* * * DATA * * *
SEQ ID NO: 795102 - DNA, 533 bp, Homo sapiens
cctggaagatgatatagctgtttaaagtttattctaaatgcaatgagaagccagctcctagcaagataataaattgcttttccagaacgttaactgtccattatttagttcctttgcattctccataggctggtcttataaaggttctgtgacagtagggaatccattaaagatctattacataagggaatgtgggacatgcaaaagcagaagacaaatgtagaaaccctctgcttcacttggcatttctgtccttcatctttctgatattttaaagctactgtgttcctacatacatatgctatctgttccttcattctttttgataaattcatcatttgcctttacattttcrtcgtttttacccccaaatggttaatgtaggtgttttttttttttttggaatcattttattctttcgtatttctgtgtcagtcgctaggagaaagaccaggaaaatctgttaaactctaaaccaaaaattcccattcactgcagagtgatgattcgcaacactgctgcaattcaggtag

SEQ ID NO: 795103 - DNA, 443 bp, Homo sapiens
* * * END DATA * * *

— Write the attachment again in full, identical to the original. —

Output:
SEQ ID NO: 795102 - DNA, 533 bp, Homo sapiens
cctggaagatgatatagctgtttaaagtttattctaaatgcaatgagaagccagctcctagcaagataataaattgcttttccagaacgttaactgtccattatttagttcctttgcattctccataggctggtcttataaaggttctgtgacagtagggaatccattaaagatctattacataagggaatgtgggacatgcaaaagcagaagacaaatgtagaaaccctctgcttcacttggcatttctgtccttcatctttctgatattttaaagctactgtgttcctacatacatatgctatctgttccttcattctttttgataaattcatcatttgcctttacattttcrtcgtttttacccccaaatggttaatgtaggtgttttttttttttttggaatcattttattctttcgtatttctgtgtcagtcgctaggagaaagaccaggaaaatctgttaaactctaaaccaaaaattcccattcactgcagagtgatgattcgcaacactgctgcaattcaggtag

SEQ ID NO: 795103 - DNA, 443 bp, Homo sapiens